Ambroxol, a secretolytic used predominantly in the treatment of respiratory disorders and as a cough suppressant, inhibits both TTX-S and TTX-R sodium currents, although with a slightly higher potency for TTX-R channels (Weiser and Wilson, 2002). Ambroxol shares an overlapping binding site with local anesthetics and exhibits preferential use-dependent block, but not tonic block, for Nav1.8 (Leffler et al., 2010). Although weakly effective in acute pain models, ambroxol reduced mechanical allodynia in a partial nerve ligation (PNL) model and reduced thermal hyperalgesia, cold allodynia, and mechanical hyperalgesia in a CCI model (Gaida et al., 2005). Oral administration of ambroxol reversed below-injury level tactile and noxious heat hypersensitivity in SCI rats (Hama et al., 2010).

Nav1.3 and Nav1.9-Selective Inhibitors

Although Nav1.3 channels have been implicated in pain mechanisms (Hains et al., 2003; Siqueira et al., 2009), Nav1.3 specific blockers have not been identified. Nav1.3 is highly homologous to other sodium channels. For example, Nav1.2 and Nav1.3 are more than 85% identical. This likely limits the probability that Nav1.3 selective blockers can be developed (Catterall et al., 2005). In contrast, Nav1.9 is only about 45% identical to the other voltage-gated sodium channel isoforms. However, it has been difficult to identify chemicals that modify Nav1.9 currents because Nav1.9 has proven very difficult to express in heterologous systems and typically exhibits rapid run-down in DRG neurons (Leffler et al., 2005). Recently a clever approach has been employed to help identify toxins that interact with Nav1.9 channels (Bosmans et al., 2011). In this study, individual voltage-sensor paddles of Nav1.9 were transplanted into potassium channel constructs and these chimeric constructs were used to screen for toxins that might target full-length Nav1.9 channels. Although this study indicated that Nav1.9 channels have distinctive pharmacological sensitivities and that the voltage-sensor paddles of Nav1.9 might be excellent targets, it is unclear to what extent the chimeric channels faithfully reproduce the pharmacological properties of the full-length Nav1.9 channels.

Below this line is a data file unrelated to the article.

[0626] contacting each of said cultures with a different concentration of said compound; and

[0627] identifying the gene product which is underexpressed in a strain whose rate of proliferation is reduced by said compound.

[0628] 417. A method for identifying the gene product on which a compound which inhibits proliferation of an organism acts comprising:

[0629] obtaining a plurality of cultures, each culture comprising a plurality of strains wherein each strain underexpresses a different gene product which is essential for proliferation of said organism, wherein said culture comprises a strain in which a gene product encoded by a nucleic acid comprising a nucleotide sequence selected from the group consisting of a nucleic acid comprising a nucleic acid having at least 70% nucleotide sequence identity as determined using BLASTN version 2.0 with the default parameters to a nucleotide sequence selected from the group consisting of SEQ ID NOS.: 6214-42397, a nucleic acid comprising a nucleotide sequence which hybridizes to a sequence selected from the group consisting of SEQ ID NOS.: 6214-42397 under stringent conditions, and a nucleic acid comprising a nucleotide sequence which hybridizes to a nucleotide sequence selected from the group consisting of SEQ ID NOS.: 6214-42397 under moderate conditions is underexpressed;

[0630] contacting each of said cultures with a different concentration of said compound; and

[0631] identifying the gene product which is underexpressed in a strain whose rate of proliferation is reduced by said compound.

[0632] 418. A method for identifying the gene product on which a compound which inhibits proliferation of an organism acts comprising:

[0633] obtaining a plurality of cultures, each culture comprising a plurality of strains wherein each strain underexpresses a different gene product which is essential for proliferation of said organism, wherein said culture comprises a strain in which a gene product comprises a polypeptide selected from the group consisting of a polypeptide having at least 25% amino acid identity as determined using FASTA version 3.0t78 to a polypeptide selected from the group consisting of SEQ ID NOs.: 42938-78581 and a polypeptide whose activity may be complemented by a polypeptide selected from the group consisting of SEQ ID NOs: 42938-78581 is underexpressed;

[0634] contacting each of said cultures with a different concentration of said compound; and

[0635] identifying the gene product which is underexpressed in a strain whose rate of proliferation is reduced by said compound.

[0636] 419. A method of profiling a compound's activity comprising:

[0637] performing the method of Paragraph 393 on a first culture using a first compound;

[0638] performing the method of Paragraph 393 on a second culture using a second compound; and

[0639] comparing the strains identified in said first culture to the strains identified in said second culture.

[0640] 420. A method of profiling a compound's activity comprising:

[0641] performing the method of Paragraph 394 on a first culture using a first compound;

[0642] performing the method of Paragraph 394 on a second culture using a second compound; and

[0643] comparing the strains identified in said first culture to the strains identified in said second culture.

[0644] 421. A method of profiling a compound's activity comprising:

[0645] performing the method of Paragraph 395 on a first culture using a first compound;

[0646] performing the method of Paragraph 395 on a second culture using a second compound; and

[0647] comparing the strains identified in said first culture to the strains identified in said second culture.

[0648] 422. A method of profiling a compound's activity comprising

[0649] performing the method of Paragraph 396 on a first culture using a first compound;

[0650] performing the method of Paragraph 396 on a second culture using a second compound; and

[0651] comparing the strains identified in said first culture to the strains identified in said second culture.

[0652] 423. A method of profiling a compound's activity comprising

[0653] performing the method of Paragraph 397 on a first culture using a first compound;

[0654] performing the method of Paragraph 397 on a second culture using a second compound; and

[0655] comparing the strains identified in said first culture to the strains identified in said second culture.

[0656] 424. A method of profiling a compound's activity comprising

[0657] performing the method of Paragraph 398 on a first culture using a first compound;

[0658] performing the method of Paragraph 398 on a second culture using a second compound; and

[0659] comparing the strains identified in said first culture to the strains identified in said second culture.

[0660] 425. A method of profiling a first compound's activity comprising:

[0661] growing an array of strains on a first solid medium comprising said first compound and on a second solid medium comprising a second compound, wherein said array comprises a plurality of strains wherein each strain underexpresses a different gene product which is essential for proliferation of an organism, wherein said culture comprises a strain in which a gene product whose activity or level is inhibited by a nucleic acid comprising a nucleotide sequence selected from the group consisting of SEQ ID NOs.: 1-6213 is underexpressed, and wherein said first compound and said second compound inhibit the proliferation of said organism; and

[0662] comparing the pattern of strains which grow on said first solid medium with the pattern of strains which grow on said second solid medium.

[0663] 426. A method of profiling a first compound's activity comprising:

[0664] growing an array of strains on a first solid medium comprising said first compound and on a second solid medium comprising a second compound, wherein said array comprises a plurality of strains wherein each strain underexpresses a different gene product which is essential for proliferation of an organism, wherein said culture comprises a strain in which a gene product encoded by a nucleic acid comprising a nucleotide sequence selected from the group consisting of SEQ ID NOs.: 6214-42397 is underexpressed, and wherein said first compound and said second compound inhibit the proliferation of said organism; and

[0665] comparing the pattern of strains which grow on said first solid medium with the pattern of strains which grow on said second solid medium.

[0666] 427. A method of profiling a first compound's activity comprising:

Techniques for Limiting the Action of Sodium Channel Blockers to the Periphery

Combinational Therapy: TRPV1 Agonists and Local Anesthetics